Assessing permanent impairment

Published: 12 August 2019
Last edited: 12 August 2019

This section does not apply to exempt workers. See instead 'Permanent impairment and exempt workers'.

An assessment of the degree of permanent impairment of a worker as a result of an injury is undertaken by specialist medical practitioners applying diagnostic criteria and evaluation processes. The result is expressed as a percentage of whole person impairment.

A worker’s assessment of degree of permanent impairment is important for two reasons:

  • it determines the amount, if any, of lump sum compensation the worker is entitled to under section 66 of the Workers Compensation Act 1987 (1987 Act), and
  • it acts as a threshold to other entitlements under the Act and at common law (see 'Threshold entitlements').

The percentage of whole person impairment equates to a monetary amount as specified in the Workers compensation benefits guide. These amounts are indexed each year on 1 July.

Permanent impairment assessors

The insurer may need to arrange an independent medical examination for an assessment of permanent impairment.

This assessment should be conducted by a registered medical practitioner recognised as a specialist with qualifications, training and experience relevant to the body system(s) being assessed.

SIRA-approved permanent impairment assessors have successfully completed workers compensation training, and are listed on the SIRA website for each body system they can assess.

The assessor must use the NSW workers compensation guidelines for the evaluation of permanent impairment (Permanent impairment guidelines) to ensure an objective, fair and consistent method of evaluating the degree of permanent impairment.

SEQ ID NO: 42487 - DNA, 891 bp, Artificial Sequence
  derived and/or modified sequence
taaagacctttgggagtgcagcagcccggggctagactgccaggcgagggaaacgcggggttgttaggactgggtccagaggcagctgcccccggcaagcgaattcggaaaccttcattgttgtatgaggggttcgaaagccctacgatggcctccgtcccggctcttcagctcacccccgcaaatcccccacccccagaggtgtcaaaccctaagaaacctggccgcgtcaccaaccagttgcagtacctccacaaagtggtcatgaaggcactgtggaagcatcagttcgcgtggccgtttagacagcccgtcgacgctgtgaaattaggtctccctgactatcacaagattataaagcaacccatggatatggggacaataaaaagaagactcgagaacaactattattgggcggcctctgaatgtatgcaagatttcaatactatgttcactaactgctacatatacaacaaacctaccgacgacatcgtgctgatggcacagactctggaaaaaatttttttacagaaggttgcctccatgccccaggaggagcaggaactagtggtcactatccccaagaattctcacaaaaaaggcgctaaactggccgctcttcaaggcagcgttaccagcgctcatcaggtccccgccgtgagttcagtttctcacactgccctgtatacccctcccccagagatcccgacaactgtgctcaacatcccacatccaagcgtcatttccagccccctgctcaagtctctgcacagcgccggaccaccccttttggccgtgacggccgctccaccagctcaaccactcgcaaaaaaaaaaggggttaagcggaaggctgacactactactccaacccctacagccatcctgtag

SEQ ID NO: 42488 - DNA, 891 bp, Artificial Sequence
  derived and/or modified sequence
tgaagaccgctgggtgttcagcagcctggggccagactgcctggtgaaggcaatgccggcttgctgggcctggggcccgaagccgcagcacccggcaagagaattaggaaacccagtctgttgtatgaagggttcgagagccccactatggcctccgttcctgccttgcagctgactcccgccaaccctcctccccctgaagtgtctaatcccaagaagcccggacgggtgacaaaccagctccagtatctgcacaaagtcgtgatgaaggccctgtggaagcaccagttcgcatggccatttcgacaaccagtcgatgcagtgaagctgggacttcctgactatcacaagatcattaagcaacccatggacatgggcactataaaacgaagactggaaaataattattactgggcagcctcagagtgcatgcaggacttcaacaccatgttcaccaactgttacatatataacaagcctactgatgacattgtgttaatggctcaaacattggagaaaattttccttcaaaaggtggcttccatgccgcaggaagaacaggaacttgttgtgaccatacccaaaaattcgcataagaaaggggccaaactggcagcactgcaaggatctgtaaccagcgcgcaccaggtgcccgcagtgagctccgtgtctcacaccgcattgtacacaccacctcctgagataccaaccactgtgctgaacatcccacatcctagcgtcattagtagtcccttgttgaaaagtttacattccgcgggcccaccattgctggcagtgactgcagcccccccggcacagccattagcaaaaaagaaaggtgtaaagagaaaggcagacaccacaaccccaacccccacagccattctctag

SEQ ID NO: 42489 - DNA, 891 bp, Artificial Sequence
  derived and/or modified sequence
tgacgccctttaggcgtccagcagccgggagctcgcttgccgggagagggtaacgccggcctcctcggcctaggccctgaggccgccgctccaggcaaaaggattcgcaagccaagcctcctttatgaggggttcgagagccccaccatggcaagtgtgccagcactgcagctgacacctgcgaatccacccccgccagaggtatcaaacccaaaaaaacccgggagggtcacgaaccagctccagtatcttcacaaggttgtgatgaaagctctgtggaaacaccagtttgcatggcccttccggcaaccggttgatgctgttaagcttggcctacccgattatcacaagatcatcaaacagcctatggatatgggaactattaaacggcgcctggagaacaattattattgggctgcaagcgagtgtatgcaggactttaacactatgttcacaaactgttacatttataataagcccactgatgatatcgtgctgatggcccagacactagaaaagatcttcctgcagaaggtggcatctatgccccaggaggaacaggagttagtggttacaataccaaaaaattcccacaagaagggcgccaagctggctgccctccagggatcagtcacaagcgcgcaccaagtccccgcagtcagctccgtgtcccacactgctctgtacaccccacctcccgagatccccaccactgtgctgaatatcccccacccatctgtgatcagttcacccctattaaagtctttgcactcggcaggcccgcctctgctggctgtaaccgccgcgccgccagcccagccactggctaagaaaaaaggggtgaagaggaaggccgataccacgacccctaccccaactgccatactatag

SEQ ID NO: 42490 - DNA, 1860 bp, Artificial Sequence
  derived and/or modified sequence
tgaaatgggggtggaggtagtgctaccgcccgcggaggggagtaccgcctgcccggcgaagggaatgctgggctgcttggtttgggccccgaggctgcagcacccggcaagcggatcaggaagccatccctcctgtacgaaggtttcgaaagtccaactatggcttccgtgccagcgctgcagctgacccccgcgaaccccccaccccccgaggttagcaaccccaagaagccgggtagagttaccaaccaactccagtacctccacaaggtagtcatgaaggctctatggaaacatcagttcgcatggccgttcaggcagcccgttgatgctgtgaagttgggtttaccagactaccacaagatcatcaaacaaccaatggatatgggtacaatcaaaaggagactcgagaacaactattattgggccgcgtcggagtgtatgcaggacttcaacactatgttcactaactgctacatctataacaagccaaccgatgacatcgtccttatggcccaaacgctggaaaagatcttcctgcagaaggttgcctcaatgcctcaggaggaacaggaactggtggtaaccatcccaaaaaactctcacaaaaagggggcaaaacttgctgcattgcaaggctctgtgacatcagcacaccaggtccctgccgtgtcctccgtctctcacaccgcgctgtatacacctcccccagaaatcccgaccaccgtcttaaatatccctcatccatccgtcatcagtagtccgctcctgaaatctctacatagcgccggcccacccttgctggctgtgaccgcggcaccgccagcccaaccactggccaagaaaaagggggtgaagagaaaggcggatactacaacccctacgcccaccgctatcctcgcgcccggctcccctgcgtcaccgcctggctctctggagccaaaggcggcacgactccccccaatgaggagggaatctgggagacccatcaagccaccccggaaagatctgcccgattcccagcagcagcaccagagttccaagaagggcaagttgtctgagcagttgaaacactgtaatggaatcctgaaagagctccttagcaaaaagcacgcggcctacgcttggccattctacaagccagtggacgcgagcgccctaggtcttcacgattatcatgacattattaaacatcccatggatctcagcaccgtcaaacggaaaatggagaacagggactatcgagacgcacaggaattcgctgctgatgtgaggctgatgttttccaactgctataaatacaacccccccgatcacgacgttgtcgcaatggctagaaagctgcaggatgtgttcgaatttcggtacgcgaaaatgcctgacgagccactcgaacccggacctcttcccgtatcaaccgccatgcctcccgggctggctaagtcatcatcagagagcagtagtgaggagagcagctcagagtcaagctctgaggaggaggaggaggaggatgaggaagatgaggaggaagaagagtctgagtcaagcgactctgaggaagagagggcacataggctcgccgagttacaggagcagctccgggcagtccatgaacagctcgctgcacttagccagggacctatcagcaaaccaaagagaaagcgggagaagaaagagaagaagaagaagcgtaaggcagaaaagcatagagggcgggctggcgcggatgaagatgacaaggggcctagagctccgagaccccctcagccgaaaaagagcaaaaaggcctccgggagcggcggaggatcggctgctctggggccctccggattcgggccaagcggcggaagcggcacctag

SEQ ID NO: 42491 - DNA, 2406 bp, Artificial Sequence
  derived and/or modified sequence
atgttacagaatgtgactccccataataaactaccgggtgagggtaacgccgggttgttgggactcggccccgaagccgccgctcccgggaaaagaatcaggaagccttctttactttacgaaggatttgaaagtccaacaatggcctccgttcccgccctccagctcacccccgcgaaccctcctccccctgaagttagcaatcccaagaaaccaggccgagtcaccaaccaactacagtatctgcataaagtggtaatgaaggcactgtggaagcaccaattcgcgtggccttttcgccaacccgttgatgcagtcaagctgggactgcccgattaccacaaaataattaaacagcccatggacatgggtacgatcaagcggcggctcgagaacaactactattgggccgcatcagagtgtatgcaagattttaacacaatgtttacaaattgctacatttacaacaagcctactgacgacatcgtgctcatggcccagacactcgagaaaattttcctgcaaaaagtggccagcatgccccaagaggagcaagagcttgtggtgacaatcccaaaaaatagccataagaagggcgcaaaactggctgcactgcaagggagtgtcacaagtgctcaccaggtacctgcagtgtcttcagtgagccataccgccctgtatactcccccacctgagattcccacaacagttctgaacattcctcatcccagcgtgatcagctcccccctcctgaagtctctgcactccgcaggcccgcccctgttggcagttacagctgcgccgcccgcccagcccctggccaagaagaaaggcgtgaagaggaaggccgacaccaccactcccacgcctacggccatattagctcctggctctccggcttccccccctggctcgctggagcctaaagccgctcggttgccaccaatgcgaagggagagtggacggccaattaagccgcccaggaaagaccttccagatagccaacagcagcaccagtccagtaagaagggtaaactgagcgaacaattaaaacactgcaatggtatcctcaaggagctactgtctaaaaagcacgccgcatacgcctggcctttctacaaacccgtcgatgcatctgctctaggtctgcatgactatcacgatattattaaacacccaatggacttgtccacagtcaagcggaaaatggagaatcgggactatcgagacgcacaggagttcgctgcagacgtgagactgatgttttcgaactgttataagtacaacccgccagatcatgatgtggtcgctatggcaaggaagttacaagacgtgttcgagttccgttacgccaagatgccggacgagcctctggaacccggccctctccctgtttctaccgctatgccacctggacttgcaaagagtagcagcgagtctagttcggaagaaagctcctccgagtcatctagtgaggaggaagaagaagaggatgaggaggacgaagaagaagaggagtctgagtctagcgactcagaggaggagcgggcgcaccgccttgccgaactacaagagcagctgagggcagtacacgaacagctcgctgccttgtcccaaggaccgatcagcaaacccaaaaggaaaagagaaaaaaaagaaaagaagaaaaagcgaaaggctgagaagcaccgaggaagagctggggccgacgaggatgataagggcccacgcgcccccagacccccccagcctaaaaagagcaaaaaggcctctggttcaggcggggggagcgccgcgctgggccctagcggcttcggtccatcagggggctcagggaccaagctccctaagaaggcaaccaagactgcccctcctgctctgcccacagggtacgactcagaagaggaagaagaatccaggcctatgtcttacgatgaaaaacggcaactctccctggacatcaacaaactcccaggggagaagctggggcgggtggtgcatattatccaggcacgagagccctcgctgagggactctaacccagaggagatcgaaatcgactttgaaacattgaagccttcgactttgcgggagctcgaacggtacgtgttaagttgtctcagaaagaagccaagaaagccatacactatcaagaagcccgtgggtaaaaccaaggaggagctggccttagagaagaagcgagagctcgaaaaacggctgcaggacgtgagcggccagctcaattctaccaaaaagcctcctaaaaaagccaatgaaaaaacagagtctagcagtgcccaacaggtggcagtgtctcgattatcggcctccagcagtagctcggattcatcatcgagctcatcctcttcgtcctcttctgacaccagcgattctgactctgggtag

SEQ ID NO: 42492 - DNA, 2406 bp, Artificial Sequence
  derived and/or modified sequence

If there is more than one impairment that requires assessment by different medical specialists, one specialist should be nominated as the lead assessor and determine the final amount of whole person impairment.

The Permanent impairment guidelines provide more information about the assessment of permanent impairment.


Multiple impairments

Where more than one injury arises from the same incident, those injuries are to be treated together as one injury for the purposes of assessing whole person impairment. That is, the impairment for each body part that has been injured in the same incident are to be assessed together (aggregated) to calculate the degree of permanent impairment.

For example, a worker who falls from a scaffolding may suffer injury to the ankle, back and shoulder. The degree of impairment from each body part is combined to produce a single assessment of whole person impairment.

The exception to this rule is in the case of psychiatric or psychological injuries. A worker who receives both a primary psychological injury and a physical injury arising out of the same incident is only entitled to receive lump sum compensation for whichever injury results in the greater amount of compensation.

The impairments for the psychological and physical injuries are to be assessed separately. The results of the two assessments cannot be combined.

Psychiatric and psychological injuries

Psychiatric and psychological injuries in the NSW workers compensation system are defined as primary psychological and psychiatric injuries in which work was found to be a substantial contributing factor.

A primary psychiatric condition is distinguished from a secondary psychiatric or psychological condition.

A secondary psychiatric or psychological condition arises as a consequence of, or secondary to, a physical injury (for example, depression associated with a back injury).

No permanent impairment compensation is payable for permanent impairment that results from a secondary psychological injury (reasonably necessary medical treatment can be paid).

As noted above, impairments arising from primary psychological and psychiatric injuries are to be assessed separately from the degree of impairment that results from physical injuries arising out of the same incident.

Deductions for previous injuries or pre-existing conditions

When calculating the degree of permanent impairment resulting from an injury, the Act allows a deduction to be made for any proportion of the impairment that is due to any previous injury or pre-existing condition or abnormality.